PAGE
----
Most narrowly, the phrase originates from a Spanish poem (Dark Night) centuries ago. Its author wrote explications of the poem which speak of two metaphorical nights that purge the soul to approach divine union during this lifetime.
Divine union. That’s a very rare state, exemplified by a rare subset of Saints, and perhaps the most exceptional of spiritual gurus.
I say “perhaps” because it’s a very mystical, abstract notion—-any description of which demands artistic expression like poetic language. It may be the deepest of paradoxes in human experience, alchemically blending suffering and pure joy. After all, “divine union” is a pretty big notion!
If exemplars are extremely rare, how is their experience valuable to the rest of us? The term Christianity presents Christ to us as an exemplar. Every institution which lays claim to that name is inarguably flawed, in no small measure because none is The Exemplar Itself.
Why does it seem so hard to emulate Jesus and Saints? The records say he said, “My burden is light.” It sure doesn’t seem that way to most of us, most of the time, does it? What are we getting so wrong? I think one source of consternation is how poorly the institutions of his name carry the simplicity of his example. They’re obsessed with grandiosities, or with an us-centeredness, or in our otherness versus the divine. In short, the withoutness of sin.
Jesus Christ is a human person, and infinitely more. Divine. The moment we conceive “more,” its meaning evaporates. So, should we seek to emulate the saints who have most fully experienced the dark night, and to emulate Christ? Of course, but their lesson is that those paths lead to evaporation of any intention to emulate.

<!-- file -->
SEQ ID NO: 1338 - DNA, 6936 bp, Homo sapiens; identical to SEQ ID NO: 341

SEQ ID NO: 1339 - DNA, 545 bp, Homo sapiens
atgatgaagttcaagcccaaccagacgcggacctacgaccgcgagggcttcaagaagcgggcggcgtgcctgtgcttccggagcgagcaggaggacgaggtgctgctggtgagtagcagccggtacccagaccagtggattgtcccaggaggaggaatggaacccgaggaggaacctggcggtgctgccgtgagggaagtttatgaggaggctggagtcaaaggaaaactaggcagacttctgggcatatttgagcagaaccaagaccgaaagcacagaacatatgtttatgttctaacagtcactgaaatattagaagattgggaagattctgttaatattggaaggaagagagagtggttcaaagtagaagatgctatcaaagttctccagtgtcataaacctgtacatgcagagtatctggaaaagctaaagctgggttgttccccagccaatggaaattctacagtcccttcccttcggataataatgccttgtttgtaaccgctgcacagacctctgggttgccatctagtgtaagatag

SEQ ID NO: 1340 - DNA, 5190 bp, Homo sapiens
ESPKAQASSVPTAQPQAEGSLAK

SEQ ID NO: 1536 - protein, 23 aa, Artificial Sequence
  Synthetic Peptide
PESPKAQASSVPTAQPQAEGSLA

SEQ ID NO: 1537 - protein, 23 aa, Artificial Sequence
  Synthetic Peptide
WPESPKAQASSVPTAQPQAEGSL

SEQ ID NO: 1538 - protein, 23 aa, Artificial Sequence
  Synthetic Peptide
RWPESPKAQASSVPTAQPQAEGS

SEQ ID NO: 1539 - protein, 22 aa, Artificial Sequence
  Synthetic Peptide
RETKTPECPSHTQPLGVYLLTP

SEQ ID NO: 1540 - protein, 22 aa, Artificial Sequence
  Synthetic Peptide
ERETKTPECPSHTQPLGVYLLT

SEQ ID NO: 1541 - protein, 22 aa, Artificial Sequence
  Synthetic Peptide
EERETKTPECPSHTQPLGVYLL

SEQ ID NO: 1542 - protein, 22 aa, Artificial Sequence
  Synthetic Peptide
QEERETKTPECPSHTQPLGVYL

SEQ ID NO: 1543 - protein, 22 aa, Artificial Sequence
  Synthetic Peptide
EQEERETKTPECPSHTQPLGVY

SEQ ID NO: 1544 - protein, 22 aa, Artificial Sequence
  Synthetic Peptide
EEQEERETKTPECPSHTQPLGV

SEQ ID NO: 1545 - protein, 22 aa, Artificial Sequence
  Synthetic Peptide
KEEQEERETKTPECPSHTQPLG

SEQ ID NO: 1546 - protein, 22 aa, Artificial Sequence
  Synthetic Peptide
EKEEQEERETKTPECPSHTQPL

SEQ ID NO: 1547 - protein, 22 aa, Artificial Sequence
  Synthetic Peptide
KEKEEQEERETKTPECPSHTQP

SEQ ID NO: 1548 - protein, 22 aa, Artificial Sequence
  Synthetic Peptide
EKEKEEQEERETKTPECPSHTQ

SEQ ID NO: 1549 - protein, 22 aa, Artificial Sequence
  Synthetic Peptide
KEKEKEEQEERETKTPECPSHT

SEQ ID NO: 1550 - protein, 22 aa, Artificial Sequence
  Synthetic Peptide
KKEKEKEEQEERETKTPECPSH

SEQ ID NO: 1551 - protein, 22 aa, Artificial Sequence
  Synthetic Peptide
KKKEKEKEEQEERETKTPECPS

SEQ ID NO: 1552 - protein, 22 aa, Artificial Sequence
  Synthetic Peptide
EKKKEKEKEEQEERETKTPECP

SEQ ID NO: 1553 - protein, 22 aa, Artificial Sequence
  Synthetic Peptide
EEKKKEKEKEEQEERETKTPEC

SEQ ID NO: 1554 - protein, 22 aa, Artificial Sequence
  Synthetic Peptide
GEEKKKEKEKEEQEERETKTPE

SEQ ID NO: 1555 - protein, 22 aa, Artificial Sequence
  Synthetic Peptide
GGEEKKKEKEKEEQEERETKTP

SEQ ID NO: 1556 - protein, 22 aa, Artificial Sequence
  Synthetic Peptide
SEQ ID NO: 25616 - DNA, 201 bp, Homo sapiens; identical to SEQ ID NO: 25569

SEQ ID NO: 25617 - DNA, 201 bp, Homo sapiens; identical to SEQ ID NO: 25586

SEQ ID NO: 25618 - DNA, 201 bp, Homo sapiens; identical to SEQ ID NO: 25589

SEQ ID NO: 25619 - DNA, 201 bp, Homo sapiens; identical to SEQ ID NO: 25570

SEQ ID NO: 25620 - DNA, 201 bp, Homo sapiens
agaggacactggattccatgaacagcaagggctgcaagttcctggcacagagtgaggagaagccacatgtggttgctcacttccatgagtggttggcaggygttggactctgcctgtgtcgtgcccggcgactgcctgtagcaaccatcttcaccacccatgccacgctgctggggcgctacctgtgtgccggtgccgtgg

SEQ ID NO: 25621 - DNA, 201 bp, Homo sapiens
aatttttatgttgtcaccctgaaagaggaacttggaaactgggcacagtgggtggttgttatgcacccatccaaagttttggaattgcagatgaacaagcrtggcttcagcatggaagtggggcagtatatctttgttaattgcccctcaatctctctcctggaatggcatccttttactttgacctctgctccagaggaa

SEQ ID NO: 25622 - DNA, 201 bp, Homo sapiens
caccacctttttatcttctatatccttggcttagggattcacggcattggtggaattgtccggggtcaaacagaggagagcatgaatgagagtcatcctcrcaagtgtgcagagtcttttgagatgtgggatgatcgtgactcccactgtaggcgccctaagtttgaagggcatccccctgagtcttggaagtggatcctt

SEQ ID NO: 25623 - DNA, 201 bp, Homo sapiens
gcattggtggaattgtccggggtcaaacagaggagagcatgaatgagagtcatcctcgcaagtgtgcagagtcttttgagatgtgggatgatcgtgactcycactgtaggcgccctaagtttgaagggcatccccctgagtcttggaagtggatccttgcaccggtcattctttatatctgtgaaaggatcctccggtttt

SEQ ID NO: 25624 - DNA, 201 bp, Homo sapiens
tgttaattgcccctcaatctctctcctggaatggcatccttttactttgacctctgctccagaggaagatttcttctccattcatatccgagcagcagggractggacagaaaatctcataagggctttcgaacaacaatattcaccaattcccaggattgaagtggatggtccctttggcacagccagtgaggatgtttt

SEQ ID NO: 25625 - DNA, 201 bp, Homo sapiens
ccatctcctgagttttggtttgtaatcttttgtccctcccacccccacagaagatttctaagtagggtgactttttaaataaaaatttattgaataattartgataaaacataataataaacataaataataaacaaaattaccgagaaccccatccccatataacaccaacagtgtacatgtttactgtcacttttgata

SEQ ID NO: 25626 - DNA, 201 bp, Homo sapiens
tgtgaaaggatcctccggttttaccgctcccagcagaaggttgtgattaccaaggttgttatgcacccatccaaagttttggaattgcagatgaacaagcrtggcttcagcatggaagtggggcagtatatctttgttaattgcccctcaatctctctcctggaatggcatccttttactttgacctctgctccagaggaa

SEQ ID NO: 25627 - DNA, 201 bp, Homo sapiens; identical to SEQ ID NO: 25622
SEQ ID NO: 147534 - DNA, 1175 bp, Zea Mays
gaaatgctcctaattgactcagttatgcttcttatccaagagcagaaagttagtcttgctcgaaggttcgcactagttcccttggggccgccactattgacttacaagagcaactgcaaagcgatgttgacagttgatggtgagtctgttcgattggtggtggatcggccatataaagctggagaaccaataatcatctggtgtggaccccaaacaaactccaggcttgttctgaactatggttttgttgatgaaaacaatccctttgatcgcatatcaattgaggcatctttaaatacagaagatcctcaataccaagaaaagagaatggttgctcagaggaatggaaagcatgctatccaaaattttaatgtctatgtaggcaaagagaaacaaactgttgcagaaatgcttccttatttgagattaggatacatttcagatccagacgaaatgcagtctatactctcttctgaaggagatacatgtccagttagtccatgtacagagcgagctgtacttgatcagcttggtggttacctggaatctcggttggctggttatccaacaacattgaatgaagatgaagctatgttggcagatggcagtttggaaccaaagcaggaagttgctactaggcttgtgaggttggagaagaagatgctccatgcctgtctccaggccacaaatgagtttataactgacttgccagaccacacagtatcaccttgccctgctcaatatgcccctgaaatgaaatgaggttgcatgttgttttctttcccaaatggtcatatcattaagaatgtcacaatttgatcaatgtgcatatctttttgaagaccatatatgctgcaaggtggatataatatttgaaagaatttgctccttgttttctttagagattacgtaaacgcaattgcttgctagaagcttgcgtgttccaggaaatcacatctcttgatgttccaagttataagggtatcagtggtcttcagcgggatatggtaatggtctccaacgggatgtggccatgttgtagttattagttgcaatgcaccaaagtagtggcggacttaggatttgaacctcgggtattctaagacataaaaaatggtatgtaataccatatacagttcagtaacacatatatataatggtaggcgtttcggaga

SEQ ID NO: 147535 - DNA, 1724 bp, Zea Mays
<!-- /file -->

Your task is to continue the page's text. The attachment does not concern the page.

Ultimate paradox. Seek and ye will will find. Find what? Answers? However unexpected? I don’t think so.
Maybe what we find is that being is seeking; it is not receiving, not finding, but some inaccessible or indescribable mode of being, like (weakly) that eternal among son, father, and spirit?
How “in the hell” could we know?
What we “know” most easily as human beings is our mortality. That’s at some logical spectrum’s opposite of eternity. Christ unifies those opposites, mortal and eternal. Bodily, spiritually, one.
On another abstract spectrum are poles of joy and suffering. Christ unifies those too. Yeshua’s example as exemplar was not to seek *escape* from suffering and find joy. It was to *embrace* suffering and find joy. Undertake the suffering, but don’t be trapped there eternally. Instead, undertake it for the sake of love, and joy will unfold. Not separately, but unified.
Jesus was/is a person. The saints were persons. You and I are persons. Escape from what we are is absolutely NOT the example of these exemplars. Living and being what you are, what I am, what each of them are. A “light burden” must involve that. The good news can’t be only for the saints and spiritually elite, excluding the everyday person.
Don’t lump together, or organize, or institutionalize humanity collectively. Don’t seek to serve all of humankind. Institutions promulgate institutional thinking, and institutions are artifices of the human mind, not divine. God could not be looking at humanity collectively. Christ didn’t. His tradition wasn’t to baptize all humanity at once. One precious person at time. By another precious person. If you’re pursuing a rule of living — some mindset or practical guide — that does not plumb that profound mystery to its deepest depths, you’re chasing air.